Kenneth E. Conway1, Stephen Tomasino,1, 3 and P. Larry Claypool2
1Department of Plant Pathology and 2Department of Statistics, Oklahoma State University, Stillwater, OK
3 Present address: U.S. E.P.A., 7503W, Washington, DC 20460.
Received: 1995 Jul 12; Revised: 1996 Jul 10
A survey of nurseries in eastern Oklahoma has identified southern blight, caused by Sclerotium rolfsii, as an economically important disease in the production of field-grown apple seedlings and rootstock. S. rolfsii can infect trees up to three years old. Chemical and biological control studies were conducted to evaluate rates and time of application of three fungicides and three formulations of the biological control-fungus, Trichoderma harzianum. On the basis of "dummy" regression models for analysis of disease progress, the fungicides benodanil and pentachloronitrobenzene (PCNB) were effective in delaying the onset of the disease and in slowing disease progress. Combinations of PCNB and Trichoderma harzianum were more effective in reducing disease rate than PCNB alone. T. harzianum formulated with a food-base (infested oat-seed) was more effective in reducing disease progress than either conidial or chlamydospore formulations. In addition to sclerotia, incorporation of residue from infested woody plant parts provided overwintering sites and initial inoculum for S. rolfsii in the spring. Weed control, rouging of diseased trees, and avoidance of highly infested fields and fields previously planted to soybean are important management practices to reduce losses in seedling production due to southern blight.
Southern blight, incited by Sclerotium rolfsii Sacc., is a destructive disease of many horticultural and agronomic crops in the southern United States and tropical regions of the world. Southern blight was first reported on apple nursery stock (Malus × domestica Bork) in the United States in Maryland in 1935 (1) and subsequently in Indiana in 1953 (2) and in Georgia in 1980 (3); however, few reports have been documented. A preliminary report on the occurrence of southern blight of apple in Oklahoma nurseries has been published (4). Southern blight of apple has also been reported from New South Wales, the Republic of South Africa, Australia (5) and Israel (6). This paper reports on the characteristics, symptomatology, and incidence of southern blight of domestic apple rootstock in Oklahoma nurseries, and on evaluations of chemical and biological controls.
Nursery survey. Commercial nurseries near Tahlequah, OK were surveyed for the presence of southern blight on apple rootstock in the summers of 1981 and 1982. Plants exhibiting southern blight symptoms similar to those previously reported on apple were examined. If a symptomatic tree did not exhibit signs of the fungus, the plant was uprooted and the crown and upper root area was removed and placed into a moist chamber at 26 °C to confirm the presence of S. rolfsii. Isolations were made from diseased tissue samples, surface sterilized in 0.5% NaOCl, and plated onto potato dextrose agar amended with streptomycin sulfate (300 µg/ml) (PDSA). Isolates of S. rolfsii from diseased trees were used to confirm Koch's postulates on either apple seedlings grown from stratified seed or 2-yr-old seedling rootstock.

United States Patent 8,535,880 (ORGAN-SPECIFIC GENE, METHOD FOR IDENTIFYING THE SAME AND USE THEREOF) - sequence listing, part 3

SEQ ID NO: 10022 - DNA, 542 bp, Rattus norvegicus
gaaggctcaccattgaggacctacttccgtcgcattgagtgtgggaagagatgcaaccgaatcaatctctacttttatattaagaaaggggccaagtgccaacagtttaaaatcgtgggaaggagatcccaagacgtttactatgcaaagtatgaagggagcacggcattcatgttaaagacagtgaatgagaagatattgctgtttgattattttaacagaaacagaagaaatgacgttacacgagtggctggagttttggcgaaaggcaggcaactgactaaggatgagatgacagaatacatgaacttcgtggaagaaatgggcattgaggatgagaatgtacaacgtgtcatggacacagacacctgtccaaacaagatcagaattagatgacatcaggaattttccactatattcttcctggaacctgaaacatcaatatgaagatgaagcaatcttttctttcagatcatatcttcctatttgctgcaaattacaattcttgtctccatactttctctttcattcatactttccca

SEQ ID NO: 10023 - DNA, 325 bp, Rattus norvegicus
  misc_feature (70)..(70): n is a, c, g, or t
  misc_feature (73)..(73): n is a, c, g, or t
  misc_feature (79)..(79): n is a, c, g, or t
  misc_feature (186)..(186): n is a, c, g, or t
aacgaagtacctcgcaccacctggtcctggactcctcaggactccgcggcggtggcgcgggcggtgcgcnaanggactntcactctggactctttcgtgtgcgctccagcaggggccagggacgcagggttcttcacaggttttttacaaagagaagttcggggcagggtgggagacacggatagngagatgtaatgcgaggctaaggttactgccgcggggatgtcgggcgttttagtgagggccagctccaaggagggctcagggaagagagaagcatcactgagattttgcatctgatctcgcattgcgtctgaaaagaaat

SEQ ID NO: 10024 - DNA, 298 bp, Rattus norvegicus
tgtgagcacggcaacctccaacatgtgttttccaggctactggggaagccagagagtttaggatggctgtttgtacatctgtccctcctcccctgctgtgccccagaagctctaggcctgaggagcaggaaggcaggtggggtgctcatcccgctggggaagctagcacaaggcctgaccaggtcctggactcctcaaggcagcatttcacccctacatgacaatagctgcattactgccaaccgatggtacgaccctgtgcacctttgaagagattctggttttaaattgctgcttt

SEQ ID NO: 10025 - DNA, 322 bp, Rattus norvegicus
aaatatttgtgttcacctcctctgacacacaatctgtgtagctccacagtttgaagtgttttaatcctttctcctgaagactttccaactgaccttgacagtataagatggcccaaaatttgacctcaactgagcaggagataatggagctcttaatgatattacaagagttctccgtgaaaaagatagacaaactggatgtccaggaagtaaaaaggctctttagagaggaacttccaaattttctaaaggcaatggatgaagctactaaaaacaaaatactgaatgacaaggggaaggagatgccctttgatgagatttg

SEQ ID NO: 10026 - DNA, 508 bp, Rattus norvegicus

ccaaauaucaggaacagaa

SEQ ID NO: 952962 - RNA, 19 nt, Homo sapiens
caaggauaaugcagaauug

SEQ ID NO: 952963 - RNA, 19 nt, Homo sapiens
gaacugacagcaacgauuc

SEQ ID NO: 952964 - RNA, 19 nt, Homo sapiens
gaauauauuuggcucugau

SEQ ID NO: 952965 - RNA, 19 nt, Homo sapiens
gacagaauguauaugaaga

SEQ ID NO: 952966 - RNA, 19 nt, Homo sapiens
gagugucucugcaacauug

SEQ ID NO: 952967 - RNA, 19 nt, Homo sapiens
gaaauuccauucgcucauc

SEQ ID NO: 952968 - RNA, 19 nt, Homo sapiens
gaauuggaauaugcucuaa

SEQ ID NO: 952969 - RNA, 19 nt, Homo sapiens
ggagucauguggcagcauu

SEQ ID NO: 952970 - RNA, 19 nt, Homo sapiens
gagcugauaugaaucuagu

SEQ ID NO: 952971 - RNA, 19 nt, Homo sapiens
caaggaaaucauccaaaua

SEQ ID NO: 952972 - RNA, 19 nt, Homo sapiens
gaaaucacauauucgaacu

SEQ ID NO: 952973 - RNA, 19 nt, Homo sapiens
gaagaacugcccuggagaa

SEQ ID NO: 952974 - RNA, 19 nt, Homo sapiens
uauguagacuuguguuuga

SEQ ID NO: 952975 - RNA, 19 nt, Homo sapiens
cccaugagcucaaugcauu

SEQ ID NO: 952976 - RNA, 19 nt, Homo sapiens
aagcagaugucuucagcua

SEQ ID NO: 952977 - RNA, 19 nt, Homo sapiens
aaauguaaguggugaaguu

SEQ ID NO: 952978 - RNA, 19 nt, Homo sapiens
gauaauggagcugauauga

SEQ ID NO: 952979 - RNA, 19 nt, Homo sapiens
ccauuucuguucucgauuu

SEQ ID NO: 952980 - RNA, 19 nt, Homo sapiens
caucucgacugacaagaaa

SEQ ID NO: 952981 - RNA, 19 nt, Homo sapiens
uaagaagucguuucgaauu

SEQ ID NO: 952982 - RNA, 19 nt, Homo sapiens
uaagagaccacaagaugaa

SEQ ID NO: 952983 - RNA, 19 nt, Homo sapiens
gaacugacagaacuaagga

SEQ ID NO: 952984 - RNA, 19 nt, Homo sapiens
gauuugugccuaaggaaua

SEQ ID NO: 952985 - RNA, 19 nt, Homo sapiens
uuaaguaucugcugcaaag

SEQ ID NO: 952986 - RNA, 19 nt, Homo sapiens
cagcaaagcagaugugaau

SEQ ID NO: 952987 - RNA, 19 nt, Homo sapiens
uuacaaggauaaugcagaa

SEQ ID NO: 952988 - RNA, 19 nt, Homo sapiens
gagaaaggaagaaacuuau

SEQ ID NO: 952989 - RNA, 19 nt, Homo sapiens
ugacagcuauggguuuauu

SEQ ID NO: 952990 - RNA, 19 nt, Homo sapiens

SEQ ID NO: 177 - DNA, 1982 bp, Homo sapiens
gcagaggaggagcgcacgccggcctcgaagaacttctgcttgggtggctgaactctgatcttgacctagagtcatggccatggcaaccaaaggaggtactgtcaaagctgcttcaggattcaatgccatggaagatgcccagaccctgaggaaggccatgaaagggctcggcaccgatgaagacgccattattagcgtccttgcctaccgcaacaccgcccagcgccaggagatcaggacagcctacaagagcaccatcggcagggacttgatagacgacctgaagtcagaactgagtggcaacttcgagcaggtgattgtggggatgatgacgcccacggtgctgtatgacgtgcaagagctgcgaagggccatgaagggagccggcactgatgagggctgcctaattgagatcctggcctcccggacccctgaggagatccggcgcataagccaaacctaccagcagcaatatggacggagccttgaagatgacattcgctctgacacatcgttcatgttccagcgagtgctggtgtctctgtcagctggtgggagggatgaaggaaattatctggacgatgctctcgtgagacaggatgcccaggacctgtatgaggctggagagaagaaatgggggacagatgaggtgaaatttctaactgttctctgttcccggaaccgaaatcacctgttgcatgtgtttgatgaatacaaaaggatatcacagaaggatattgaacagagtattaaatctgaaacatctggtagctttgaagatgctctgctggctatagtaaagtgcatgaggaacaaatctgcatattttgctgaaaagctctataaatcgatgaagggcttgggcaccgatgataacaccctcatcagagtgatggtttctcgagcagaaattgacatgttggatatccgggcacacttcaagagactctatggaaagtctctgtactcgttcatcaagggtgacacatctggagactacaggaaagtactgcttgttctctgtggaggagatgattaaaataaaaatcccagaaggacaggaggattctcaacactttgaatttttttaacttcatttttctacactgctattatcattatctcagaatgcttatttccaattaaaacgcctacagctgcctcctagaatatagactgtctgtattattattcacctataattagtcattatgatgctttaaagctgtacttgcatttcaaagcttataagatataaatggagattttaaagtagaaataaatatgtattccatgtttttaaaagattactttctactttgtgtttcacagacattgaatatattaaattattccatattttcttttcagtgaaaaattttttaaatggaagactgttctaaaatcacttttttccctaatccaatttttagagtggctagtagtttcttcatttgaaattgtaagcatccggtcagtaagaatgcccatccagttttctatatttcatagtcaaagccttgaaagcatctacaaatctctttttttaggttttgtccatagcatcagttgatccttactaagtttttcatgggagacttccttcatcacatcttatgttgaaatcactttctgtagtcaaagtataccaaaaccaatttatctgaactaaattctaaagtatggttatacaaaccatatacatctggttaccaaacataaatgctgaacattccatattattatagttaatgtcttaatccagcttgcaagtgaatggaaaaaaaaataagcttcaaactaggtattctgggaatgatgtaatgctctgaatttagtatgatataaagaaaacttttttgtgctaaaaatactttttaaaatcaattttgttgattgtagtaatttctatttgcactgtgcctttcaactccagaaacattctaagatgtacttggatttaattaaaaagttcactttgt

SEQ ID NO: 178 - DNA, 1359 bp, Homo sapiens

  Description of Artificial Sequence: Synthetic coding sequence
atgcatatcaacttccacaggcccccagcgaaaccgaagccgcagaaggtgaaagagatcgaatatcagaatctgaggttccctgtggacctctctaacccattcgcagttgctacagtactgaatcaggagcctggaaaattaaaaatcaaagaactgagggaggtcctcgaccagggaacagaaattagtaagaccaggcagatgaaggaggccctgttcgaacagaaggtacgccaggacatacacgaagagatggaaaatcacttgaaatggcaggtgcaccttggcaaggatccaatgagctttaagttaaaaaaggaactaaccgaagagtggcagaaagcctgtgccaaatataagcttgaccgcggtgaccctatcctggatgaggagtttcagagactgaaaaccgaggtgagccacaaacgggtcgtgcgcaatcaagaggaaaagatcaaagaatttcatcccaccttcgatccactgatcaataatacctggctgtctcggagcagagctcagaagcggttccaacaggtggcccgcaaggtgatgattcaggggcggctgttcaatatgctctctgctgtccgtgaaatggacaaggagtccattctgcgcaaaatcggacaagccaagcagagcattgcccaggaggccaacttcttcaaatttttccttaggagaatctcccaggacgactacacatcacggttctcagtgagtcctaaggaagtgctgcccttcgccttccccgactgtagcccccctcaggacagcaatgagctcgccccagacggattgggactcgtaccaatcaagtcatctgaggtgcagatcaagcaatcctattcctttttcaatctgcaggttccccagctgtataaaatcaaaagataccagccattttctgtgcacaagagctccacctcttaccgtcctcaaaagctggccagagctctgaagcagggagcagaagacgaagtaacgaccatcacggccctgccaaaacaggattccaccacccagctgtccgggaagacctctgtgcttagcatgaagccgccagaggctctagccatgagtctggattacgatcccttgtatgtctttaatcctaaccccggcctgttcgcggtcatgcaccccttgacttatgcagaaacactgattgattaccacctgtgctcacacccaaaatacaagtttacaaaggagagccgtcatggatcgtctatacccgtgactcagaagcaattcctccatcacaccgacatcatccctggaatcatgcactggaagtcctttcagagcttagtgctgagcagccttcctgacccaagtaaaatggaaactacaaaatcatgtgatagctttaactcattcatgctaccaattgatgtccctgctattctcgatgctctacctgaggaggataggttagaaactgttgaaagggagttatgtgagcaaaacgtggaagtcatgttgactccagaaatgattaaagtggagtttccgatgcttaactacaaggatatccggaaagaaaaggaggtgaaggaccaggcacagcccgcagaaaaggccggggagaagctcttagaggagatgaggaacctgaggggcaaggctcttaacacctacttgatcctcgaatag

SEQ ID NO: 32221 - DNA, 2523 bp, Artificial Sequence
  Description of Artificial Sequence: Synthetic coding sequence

Inoculum production. Pathogenicity of isolates of S. rolfsii was tested using either sclerotia produced on PDSA or infested-oat seeds. Oat seeds were autoclaved twice and the moisture content adjusted to 67.0% w/v prior to inoculation with an actively growing culture of S. rolfsii. Infested seeds were air dried before use. Field soils were artificially augmented before each test with the infested-oat seed preparation.
Trichoderma harzianum, isolate OK-86,
was used as the biological treatment. This fungus was prepared either as conidia, chlamydospores, or as infested-oat seeds. Conidia were produced on PDA, gently washed from the surface and incorporated into a 1.5% Laponite 508 gel (synthetic magnesium silicate, Laporte Industries Inc., Continental Plaza, 411 Hackensack, NJ 07601) at a density of 1 × 107 conidia/ml gel. Chlamydospores were prepared as a molasses-wheat bran fermentation product (7) and incorporated into the gel at 1 × 106 propagules/ml. Infested-oat seed was prepared in a manner similar to the S. rolfsii preparation and was applied to the soil either as whole seeds or as a powder. The powdered formulation was prepared by chopping the seeds in a blender, finely grinding the residue with a mortar and pestle and screening through a 500 µm sieve. The powder was mixed into the gel to provide a density of 1 × 106 propagules/ml.
ControlField Trials. A site where S. rolfsii did not occur was selected at Stillwater, OK in 1982 to establish an apple nursery. The Soil type was Norge loam. Seedling rootstocks (cv. Delicious) were planted 10 March. Fungicide treatments consisted of six split combinations of pentachloronitrobenzene (PCNB, Terraclor 10G, Uniroyal Chemical Co.), applied at these rates (kg of active ingredient [a.i.] per hectare): 11.2/0, 11.2/5.6, 11.2/11.2, 5.6/5.6. 5.6/11.2, and 0/11.2, for the first/second application. The first application was made 15 March and the second on 23 July. At planting, five oat seeds infested with T. harzianum were placed into each planting hole and an additional 2.0 g of infested seed was applied to the soil surface around each tree prior to hilling. Twenty grains of infested-oat seed culture of S. rolfsii was used as inoculum to infest soil along both sides of each row. Each row contained 20 trees, spaced 0.3 m within row, and rows were separated by 1.5 m. Treatments were arranged in a randomized block design, with each of the four blocks separated by 1.6-m alleys. Trifluralin was applied, at 1.75 l (a.i.)/ha, to soil in the entire plot area for weed control. Fertilizer was added to this area each year according to the recommendations of the Oklahoma State University Soil Testing Laboratory. Water was applied, as needed, by overhead sprinkler irrigation or, in later tests, by drip irrigation. Soil samples, 1.0 cm i.d. and 15 cm deep, were removed at random within rows from treatments with T. harzianum and controls at a distance of 3.0 cm from selected trees. Soil samples from each row were bulked and subsamples used for dilution assay onto Trichoderma-selective medium (8) to determine population densities of T. harzianum. Incidence of southern blight was recorded throughout the growing season. Apple trees were left in the field with no further treatment and disease incidence was also recorded during 1983.